A survey conducted by the think tank revealed that among the top concerns of Filipino seafarers is the exorbitant training fees charged by maritime training institutions (MTIs).

The survey stated that the top three concerns of Filipino seafarers are their lack of a retirement plan, access to vaccine and training and certification. Seafarers also questioned the high number of mandatory training sessions they are required to take and the thick documents they have to bring onboard.

The MARINA STCW Office has already started to address some of the concerns and reduced the number of mandatory training courses. Four courses are now optional: Management Level Course (MLC), Operational Level Course (OLC), Electro Technical Officer Course (ETO Course) and the Electro Technical Ratings Course.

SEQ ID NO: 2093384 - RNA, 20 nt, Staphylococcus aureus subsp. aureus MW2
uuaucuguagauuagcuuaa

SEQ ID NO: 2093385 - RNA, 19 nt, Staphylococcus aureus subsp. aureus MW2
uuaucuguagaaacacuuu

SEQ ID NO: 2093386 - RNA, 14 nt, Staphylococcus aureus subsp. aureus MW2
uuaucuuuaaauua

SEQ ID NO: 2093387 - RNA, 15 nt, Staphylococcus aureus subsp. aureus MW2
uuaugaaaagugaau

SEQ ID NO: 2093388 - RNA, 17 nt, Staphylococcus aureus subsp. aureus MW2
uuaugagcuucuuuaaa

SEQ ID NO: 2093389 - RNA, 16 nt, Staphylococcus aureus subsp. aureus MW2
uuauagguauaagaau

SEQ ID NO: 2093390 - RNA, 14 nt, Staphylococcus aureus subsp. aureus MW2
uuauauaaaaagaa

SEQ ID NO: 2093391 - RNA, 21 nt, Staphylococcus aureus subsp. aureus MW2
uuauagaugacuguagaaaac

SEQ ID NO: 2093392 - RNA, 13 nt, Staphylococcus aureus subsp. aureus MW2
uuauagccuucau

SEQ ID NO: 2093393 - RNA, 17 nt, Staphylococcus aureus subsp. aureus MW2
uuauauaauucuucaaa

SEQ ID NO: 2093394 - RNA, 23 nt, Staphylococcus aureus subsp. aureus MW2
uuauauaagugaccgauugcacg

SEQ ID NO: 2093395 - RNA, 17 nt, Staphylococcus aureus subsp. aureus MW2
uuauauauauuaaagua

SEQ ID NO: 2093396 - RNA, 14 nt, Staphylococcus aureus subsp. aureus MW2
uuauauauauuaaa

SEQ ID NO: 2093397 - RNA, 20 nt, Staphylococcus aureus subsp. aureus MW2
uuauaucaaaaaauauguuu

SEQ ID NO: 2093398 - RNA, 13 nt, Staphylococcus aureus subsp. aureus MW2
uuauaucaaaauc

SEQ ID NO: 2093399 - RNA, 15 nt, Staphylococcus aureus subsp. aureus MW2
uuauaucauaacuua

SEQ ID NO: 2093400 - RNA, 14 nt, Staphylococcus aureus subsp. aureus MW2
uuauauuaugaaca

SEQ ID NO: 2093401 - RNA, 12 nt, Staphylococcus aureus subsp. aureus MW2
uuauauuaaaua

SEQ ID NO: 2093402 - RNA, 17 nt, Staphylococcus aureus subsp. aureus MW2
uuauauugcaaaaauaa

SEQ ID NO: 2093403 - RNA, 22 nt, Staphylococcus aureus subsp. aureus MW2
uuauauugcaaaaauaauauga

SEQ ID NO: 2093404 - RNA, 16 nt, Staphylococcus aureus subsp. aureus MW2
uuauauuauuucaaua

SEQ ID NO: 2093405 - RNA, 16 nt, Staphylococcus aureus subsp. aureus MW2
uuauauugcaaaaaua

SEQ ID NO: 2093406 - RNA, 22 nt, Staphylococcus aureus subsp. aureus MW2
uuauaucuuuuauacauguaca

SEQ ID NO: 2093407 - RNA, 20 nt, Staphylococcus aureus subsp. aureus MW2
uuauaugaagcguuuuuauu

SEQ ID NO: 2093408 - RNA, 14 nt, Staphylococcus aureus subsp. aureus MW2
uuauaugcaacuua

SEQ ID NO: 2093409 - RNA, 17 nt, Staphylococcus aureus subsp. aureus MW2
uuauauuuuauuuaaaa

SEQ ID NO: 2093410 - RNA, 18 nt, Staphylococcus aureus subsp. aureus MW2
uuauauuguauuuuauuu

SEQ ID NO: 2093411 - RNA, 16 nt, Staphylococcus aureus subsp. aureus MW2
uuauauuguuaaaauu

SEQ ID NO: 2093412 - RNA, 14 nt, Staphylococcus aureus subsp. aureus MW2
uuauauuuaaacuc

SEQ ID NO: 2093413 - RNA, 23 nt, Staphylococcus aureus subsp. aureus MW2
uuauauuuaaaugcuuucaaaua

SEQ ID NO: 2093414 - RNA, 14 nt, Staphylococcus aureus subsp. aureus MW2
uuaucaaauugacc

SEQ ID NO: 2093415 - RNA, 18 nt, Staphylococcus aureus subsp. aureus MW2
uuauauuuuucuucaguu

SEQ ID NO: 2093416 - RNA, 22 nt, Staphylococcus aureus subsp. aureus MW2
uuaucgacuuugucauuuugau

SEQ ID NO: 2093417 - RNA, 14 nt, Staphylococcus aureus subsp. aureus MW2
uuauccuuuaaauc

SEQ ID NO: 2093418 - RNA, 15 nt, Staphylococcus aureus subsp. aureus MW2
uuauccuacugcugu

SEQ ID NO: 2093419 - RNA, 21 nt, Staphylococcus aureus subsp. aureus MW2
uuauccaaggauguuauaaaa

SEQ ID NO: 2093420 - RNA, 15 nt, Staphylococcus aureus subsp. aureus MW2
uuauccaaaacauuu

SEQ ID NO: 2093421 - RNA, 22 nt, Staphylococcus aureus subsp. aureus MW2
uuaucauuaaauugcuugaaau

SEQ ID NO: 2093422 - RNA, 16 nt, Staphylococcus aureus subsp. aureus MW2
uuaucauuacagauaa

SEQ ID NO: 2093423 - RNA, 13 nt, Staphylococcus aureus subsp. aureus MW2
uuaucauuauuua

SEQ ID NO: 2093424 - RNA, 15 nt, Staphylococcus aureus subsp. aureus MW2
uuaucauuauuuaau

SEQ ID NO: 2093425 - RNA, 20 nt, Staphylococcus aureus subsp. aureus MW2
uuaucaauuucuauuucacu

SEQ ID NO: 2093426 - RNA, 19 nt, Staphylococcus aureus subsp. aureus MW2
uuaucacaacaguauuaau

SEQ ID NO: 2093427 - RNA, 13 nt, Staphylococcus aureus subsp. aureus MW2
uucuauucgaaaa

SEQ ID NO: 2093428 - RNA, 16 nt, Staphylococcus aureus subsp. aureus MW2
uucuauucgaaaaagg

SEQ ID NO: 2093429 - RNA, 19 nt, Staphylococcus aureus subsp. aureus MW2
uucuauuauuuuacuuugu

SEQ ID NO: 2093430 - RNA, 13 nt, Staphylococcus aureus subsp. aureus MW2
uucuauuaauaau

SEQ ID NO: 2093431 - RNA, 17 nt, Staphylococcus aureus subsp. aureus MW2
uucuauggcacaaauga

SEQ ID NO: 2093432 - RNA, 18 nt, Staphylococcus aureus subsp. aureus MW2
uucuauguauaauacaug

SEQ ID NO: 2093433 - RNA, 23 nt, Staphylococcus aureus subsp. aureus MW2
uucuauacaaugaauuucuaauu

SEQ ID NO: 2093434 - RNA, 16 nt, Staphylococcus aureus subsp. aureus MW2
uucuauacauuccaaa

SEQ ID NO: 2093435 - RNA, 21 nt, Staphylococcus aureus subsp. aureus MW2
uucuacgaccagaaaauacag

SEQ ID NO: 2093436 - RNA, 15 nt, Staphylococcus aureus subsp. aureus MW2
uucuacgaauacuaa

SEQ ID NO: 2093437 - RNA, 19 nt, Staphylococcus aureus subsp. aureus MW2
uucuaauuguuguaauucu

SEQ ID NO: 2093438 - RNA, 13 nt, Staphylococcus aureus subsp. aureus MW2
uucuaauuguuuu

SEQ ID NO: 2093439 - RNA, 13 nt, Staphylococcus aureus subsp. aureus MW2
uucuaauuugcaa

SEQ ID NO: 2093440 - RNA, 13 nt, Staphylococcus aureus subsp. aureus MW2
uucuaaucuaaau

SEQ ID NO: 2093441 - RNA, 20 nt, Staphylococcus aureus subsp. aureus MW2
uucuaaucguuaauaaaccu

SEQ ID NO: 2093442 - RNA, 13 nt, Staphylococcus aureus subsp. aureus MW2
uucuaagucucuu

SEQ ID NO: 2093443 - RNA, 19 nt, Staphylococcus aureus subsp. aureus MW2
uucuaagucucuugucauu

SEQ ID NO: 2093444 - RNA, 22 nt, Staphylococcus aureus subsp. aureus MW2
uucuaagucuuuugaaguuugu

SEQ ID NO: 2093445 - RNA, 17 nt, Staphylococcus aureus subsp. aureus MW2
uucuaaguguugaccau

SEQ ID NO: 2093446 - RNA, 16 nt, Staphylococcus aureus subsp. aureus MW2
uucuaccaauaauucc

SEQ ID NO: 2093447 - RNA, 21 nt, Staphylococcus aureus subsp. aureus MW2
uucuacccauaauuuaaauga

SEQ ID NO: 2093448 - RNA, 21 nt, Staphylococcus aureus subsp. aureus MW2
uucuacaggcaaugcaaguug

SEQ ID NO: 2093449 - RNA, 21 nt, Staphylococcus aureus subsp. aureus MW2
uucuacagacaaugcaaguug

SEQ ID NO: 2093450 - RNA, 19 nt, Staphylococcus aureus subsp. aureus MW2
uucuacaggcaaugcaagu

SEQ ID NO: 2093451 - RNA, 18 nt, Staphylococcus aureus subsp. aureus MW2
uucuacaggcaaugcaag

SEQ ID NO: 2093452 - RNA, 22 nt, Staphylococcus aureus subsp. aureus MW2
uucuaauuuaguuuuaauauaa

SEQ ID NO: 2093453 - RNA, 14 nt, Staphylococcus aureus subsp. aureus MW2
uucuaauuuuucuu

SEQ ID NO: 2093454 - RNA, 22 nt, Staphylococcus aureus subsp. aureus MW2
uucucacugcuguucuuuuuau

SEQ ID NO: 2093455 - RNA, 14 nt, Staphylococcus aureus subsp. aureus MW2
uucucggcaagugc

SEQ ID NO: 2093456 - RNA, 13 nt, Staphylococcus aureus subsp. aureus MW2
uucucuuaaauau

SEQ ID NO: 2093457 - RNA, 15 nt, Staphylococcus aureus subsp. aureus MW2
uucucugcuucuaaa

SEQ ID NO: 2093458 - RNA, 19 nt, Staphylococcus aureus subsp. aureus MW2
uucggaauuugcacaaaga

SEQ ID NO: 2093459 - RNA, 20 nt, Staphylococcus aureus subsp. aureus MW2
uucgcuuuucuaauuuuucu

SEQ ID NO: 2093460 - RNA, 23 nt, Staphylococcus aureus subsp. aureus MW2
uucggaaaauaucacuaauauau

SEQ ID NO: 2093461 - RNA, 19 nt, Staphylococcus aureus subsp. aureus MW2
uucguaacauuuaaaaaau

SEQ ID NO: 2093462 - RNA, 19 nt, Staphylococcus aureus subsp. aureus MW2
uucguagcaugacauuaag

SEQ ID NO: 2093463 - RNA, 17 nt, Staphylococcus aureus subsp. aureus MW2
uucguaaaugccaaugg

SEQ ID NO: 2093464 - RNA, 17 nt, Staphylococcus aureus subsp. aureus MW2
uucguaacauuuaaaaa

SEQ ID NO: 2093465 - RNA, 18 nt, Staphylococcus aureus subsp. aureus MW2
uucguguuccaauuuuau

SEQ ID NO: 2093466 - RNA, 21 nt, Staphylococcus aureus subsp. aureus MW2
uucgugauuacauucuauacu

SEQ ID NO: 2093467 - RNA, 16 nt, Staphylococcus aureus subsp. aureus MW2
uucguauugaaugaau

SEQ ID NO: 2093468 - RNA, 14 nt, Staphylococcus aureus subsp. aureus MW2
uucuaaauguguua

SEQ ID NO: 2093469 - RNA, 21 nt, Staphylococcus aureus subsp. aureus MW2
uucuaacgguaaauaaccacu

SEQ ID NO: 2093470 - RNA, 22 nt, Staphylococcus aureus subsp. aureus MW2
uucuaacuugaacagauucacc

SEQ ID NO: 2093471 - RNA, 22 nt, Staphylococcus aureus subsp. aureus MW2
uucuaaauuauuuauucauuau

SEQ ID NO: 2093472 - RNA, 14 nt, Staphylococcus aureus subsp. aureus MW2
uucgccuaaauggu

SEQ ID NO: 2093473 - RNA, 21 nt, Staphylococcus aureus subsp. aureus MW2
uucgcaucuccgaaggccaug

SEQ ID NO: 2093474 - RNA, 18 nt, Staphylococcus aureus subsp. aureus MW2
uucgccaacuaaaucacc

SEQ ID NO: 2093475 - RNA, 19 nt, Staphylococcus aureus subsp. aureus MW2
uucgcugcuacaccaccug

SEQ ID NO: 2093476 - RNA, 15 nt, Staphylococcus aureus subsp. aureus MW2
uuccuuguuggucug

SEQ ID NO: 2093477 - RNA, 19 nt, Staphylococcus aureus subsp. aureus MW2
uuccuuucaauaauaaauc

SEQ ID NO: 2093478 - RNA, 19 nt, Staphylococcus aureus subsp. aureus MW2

The STCW Office also said that it hopes to control the high training fees while maintaining quality, through regulation. 

Gibi, the seafarer behind the blog, said that before Filipinos enroll in a maritime school, they should first determine if their parents can really support them and pay for the expenses of training and the eventual job search.

“There will also be rejections and delays along the way to becoming a seafarer,” he said. “It will take years for some, if they don’t have backers or if they are not part of any scholarship program.”

Gibi explained that tuition fees are not a joke and said, depending on the school, the annual fee can be between P20,000 to P90,000 (US$382 to $1,720).  There are also miscellaneous fees, including books, stationary, lodging, meals, internet access, transport and other living expenses.